Speaking of detective series, I let out an internal "squee" every time someone in the movie called O'Brien "Mr. Steele." I can't help but wonder if the creators of my all-time favorite TV show, Remington Steele, weren't referencing Crack Up. If you gave Pat O'Brien's wardrobe to a woman, turned the urbane undercover cop into an urbane undercover con man, kept the references to art theft and forgery, squinted and stood back twenty paces, you might have Remington Steele. 

Thanks to the epic series The 100 Greatest Posters of Noir, I will never take movie advertisements at face value again. This poster is terrible. If Where Danger Lives did a 100 Worst, this might well make the list. The title is too small and the tagline is too big. The cracked font is an obvious concept carried out in a half-assed fashion, and, combined with the green, the whole thing reminds me of a turtle. Claire Trevor looks nothing like the poor woman on the poster, who appears to have a painfully broken leg. Pat O'Brien’s portrait does him no favors, either. Herbert Marshall gets third billing, but his portrait dominates the poster. Maybe the artist was a secret Herbert Marshall fan? Nah: no one with such good taste could turn out this little fiasco.

Wednesday, February 9, 2011

Gentleman Jim (1942)

Before I saw this movie, my knowledge of Gentleman Jim Corbett had been limited to a particularly audacious Bob Dylan rhyme in the song "Hurricane." (We're gonna put his ass in the stir/we're gonna pin this triple mur/der on him. He ain't no Gentleman Jim.) Nevertheless, I was quickly absorbed in this biopic chronicling the life of the famous 19th Century boxer. For those who need more to entrance them than Errol Flynn's near-constant shirtlessness, this tightly plotted film has plenty of action. Director Raoul Walsh (White Heat, High Sierra) keeps things moving along briskly, with fight scenes peppered liberally throughout the script.

Flynn plays a boxer so cocky and self-absorbed that in the climactic championship bout his main concern is that his hair not get mussed. In addition to fame and fortune, Corbett is also pursuing wealthy boxing patron Victoria Ware (Alexis Smith), who keeps promoting the up-and-coming fighter in hopes that he will get his ass kicked and learn his place already. He keeps winning, and eventually Ware realizes that Corbett differs from his nouveau riche "betters," a bunch of dirt prospectors and miners who got lucky in the Gold Rush, only in being a few decades more nouveau.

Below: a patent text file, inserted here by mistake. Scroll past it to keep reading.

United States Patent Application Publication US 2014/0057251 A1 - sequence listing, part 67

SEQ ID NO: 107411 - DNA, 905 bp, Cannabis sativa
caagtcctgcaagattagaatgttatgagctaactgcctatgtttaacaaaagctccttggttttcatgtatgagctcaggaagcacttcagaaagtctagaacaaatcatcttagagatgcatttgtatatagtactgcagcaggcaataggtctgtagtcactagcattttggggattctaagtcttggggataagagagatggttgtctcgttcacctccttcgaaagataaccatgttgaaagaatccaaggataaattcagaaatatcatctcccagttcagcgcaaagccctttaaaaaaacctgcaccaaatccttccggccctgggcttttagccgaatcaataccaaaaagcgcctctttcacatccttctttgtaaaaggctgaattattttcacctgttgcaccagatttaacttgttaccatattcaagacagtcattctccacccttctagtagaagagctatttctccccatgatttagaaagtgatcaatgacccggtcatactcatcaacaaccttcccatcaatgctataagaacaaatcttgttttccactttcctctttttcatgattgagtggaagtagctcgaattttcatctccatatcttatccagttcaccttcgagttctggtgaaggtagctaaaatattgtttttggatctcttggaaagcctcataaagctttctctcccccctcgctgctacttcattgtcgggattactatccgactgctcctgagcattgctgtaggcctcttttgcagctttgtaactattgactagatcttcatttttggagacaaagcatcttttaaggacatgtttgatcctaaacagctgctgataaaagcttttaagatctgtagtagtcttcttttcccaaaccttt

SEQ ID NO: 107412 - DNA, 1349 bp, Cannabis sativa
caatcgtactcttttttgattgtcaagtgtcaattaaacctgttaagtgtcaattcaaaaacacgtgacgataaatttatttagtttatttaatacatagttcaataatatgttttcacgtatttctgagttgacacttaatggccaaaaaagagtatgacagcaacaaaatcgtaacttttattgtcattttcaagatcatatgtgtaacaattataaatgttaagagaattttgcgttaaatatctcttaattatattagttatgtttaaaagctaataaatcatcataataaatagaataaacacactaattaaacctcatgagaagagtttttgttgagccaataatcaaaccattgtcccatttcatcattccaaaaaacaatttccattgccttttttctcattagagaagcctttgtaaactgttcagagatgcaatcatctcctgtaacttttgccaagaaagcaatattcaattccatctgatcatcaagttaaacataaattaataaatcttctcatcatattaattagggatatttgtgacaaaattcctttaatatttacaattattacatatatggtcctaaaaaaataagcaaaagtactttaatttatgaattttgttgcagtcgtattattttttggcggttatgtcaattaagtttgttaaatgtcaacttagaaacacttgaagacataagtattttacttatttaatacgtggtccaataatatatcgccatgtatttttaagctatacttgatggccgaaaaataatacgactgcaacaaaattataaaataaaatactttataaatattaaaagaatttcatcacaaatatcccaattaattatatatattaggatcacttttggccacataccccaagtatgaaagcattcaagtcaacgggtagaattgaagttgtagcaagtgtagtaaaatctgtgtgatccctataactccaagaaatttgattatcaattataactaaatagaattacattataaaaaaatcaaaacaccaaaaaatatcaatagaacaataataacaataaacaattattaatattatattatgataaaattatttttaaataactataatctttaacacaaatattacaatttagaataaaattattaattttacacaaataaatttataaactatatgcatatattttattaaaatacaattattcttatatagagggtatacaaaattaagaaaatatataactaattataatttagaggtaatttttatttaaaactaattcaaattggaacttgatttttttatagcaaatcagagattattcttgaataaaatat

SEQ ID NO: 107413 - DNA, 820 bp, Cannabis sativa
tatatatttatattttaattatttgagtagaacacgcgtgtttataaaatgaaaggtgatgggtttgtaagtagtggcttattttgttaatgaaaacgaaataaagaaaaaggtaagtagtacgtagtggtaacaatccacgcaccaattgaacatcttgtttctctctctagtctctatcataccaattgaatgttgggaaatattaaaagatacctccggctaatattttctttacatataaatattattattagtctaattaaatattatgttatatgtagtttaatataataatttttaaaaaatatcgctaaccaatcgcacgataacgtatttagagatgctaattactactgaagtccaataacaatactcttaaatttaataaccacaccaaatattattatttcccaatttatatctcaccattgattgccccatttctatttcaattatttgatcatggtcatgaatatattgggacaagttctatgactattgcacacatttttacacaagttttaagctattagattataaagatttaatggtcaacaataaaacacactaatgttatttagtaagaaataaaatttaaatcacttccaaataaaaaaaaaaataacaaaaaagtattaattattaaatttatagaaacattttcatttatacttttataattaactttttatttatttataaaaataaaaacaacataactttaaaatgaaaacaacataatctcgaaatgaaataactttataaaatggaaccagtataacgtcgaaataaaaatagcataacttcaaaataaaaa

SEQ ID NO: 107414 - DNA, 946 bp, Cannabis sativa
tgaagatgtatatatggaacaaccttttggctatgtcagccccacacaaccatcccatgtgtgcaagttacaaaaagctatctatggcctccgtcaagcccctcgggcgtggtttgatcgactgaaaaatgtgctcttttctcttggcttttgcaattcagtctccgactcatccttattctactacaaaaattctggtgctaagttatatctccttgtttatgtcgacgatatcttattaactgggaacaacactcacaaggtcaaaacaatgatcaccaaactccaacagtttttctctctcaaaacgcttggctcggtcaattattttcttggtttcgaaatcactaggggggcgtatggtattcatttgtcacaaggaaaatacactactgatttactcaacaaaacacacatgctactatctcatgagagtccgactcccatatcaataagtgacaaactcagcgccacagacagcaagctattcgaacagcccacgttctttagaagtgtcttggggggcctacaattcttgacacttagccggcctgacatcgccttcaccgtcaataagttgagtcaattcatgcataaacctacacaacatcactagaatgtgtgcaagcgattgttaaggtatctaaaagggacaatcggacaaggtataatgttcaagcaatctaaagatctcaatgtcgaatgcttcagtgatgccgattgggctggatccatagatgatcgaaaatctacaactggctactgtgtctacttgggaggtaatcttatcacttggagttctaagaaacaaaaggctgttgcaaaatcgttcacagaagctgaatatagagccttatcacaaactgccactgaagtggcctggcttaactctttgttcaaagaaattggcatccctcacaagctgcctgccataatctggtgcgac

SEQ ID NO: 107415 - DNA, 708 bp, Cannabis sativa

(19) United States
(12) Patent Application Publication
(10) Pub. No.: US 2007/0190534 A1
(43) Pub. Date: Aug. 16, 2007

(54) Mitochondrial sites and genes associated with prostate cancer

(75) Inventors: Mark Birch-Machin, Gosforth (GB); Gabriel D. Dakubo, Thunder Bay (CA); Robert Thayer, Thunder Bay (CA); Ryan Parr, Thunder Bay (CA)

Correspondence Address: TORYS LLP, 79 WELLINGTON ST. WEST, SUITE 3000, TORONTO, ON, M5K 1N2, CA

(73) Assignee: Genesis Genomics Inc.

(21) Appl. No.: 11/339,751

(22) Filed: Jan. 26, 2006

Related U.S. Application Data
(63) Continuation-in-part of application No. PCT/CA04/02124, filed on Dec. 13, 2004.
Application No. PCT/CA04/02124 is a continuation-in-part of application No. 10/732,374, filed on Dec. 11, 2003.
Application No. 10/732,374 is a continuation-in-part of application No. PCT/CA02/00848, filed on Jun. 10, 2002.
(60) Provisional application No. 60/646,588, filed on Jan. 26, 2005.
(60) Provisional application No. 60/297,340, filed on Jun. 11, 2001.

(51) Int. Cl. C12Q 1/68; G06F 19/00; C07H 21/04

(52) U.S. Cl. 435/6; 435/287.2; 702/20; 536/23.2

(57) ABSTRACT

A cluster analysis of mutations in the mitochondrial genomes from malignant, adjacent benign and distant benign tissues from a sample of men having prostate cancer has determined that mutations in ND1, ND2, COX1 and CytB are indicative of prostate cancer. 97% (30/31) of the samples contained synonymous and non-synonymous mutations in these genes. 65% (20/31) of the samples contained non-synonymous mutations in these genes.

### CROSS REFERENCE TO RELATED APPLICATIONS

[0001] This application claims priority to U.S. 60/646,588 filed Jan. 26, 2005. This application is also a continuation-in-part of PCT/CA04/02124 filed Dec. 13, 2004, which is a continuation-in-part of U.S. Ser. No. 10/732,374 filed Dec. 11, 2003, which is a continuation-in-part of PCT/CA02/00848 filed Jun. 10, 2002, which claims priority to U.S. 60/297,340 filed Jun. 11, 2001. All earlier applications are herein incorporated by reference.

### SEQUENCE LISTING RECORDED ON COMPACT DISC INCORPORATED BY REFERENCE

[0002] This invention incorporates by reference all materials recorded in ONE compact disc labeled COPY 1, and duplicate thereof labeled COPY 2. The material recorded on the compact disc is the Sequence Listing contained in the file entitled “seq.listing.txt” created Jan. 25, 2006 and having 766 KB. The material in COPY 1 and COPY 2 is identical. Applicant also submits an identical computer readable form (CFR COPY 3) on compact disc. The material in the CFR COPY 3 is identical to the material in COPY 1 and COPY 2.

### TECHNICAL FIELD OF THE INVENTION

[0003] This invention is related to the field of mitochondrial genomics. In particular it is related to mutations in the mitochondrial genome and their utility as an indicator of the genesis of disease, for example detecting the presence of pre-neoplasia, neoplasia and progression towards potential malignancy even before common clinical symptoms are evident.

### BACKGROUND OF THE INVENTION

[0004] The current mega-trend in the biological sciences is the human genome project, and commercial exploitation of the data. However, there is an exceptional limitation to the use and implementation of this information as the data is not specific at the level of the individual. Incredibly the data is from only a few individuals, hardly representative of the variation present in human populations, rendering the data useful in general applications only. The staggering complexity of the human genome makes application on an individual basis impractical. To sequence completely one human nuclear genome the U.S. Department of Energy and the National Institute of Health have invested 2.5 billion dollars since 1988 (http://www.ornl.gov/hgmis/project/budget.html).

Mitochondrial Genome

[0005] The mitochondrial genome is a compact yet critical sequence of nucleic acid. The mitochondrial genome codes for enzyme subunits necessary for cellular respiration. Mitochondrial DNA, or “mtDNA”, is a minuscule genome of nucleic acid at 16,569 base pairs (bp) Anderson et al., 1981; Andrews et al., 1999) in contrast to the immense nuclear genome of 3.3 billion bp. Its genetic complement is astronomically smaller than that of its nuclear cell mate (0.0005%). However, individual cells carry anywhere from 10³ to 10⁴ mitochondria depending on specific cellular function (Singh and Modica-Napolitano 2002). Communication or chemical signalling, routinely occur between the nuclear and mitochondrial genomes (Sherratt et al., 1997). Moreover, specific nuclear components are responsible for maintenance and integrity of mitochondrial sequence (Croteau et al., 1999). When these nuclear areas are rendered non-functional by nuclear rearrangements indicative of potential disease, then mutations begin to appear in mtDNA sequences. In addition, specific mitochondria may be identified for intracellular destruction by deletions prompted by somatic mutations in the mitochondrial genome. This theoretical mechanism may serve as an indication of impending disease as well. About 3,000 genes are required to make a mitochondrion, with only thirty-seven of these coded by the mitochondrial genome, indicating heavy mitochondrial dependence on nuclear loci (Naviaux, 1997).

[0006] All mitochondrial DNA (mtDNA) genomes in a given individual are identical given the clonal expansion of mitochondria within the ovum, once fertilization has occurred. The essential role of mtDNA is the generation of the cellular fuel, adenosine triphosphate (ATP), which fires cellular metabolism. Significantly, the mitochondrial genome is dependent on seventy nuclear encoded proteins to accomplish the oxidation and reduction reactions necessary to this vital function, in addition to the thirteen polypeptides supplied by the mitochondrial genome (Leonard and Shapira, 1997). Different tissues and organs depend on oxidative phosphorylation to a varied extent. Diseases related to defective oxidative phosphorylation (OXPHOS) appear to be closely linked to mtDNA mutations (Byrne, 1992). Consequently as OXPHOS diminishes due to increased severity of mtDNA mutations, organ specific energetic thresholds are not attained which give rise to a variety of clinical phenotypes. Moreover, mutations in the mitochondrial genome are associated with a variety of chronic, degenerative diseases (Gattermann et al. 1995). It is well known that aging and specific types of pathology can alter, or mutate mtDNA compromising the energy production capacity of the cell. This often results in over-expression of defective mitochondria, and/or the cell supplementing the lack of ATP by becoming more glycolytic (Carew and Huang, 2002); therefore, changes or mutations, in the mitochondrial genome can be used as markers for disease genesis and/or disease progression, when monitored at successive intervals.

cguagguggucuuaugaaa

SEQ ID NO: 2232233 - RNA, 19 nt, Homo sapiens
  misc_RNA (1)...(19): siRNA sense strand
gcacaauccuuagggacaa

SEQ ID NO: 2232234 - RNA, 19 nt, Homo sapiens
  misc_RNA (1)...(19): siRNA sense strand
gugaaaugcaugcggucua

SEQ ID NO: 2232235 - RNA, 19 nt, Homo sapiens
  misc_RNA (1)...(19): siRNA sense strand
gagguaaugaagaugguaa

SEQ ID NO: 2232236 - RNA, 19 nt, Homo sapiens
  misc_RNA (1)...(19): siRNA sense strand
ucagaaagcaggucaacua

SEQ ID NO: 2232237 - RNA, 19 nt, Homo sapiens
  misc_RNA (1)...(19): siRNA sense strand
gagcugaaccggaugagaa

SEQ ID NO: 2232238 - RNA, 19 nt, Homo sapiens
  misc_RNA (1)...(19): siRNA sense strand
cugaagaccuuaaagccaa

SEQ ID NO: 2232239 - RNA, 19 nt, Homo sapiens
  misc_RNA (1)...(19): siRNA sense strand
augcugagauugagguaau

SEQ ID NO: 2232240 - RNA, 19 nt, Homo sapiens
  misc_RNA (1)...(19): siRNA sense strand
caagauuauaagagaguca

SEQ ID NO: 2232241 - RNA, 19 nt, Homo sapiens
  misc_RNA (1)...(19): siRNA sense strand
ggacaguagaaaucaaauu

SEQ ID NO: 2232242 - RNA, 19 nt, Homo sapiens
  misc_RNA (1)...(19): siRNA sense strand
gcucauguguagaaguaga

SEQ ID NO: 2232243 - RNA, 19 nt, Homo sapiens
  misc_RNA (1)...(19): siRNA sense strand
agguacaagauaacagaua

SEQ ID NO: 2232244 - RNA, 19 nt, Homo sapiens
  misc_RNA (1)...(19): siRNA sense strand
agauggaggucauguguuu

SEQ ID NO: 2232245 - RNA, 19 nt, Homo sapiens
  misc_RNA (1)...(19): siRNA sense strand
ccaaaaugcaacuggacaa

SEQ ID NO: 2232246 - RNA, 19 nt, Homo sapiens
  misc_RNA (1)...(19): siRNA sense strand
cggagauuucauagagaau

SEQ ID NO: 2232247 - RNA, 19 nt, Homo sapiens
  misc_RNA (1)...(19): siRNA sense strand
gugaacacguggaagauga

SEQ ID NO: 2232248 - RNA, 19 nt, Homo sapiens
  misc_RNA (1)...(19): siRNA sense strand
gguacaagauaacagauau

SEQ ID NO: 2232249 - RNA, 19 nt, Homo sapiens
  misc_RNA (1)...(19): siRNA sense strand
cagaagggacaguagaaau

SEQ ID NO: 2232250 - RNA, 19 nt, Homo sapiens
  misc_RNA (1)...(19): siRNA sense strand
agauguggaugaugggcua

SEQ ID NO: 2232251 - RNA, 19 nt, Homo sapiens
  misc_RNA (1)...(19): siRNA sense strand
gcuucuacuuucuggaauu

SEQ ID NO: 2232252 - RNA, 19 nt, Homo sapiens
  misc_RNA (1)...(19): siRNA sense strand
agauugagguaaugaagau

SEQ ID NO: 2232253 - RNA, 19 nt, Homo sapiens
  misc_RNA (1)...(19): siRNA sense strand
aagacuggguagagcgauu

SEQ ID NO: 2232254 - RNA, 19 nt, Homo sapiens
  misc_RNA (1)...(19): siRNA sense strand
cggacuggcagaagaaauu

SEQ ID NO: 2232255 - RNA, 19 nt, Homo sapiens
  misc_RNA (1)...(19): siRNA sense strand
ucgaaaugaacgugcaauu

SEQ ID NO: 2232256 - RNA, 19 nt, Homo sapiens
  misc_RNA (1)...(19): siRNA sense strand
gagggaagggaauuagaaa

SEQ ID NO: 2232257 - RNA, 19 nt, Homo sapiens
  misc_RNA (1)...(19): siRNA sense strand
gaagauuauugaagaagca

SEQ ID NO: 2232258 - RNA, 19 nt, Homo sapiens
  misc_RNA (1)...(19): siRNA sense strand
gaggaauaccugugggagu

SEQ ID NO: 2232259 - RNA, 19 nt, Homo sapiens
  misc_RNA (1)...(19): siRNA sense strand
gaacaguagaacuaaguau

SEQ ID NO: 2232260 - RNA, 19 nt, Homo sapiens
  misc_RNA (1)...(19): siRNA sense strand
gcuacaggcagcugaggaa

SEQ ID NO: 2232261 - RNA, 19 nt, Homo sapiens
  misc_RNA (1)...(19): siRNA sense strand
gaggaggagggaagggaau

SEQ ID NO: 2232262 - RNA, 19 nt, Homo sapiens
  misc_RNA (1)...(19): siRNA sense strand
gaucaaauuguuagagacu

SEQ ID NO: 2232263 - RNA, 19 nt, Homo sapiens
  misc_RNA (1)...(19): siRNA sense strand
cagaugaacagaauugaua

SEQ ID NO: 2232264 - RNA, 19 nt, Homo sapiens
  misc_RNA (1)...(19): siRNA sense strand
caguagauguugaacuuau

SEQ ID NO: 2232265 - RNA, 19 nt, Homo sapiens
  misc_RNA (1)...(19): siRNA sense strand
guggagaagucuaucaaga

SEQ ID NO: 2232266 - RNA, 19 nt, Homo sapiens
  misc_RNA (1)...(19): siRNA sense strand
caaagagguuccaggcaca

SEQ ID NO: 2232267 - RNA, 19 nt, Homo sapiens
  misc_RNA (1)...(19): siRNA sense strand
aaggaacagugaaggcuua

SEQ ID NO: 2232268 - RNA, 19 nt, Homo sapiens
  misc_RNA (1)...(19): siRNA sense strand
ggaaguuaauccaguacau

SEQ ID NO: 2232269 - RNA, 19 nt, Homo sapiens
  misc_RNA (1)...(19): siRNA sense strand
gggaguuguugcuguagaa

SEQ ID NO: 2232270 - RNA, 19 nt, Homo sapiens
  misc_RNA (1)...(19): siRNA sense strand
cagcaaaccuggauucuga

The Not So Quiet Man

In the meantime co-stars Alan Hale and Ward Bond steal all their scenes as, respectively, Corbett's scrappy Irish father and larger- than-life Irish rival, John L. Sullivan. Bond is particularly fun to watch; this character stands alongside his hilarious turn as a gambling, boxing-enthusiast priest in The Quiet Man as outstanding examples of his supporting work. Also in the mix is another The Quiet Man alum, Arthur Shields, who plays a gambling, boxing-enthusiast priest. Like The Quiet Man, this movie is funny, sentimental and wildly entertaining. What the later, better-known film has--and Gentleman Jim lacks is the romance. Flynn and Smith have nice-ish chemistry but their constant arguing is shrill and annoying. There's a fine line with these things, and usually it is the script that makes the difference. Give squabbling people amusing things to say, and you've got a Noel Coward play. Give them the script to Gentleman Jim and you're eavesdropping on the dysfunctional couple upstairs. But Smith and Flynn are so gosh-darned pretty that this shortcoming doesn't sink the film. Feel free to use the mute button, is my motto. The movie works as light entertainment and solid proof, if you needed any more, that Raoul Walsh could direct the heck out of an action scene.

The only thing I really learned about 19th Century prize fighting from Gentleman Jim, was that boxers favored sweaters over robes at one point in history. Several scenes show meaty, sweaty boxers with sweaters tied around their necks like 1980s yuppies.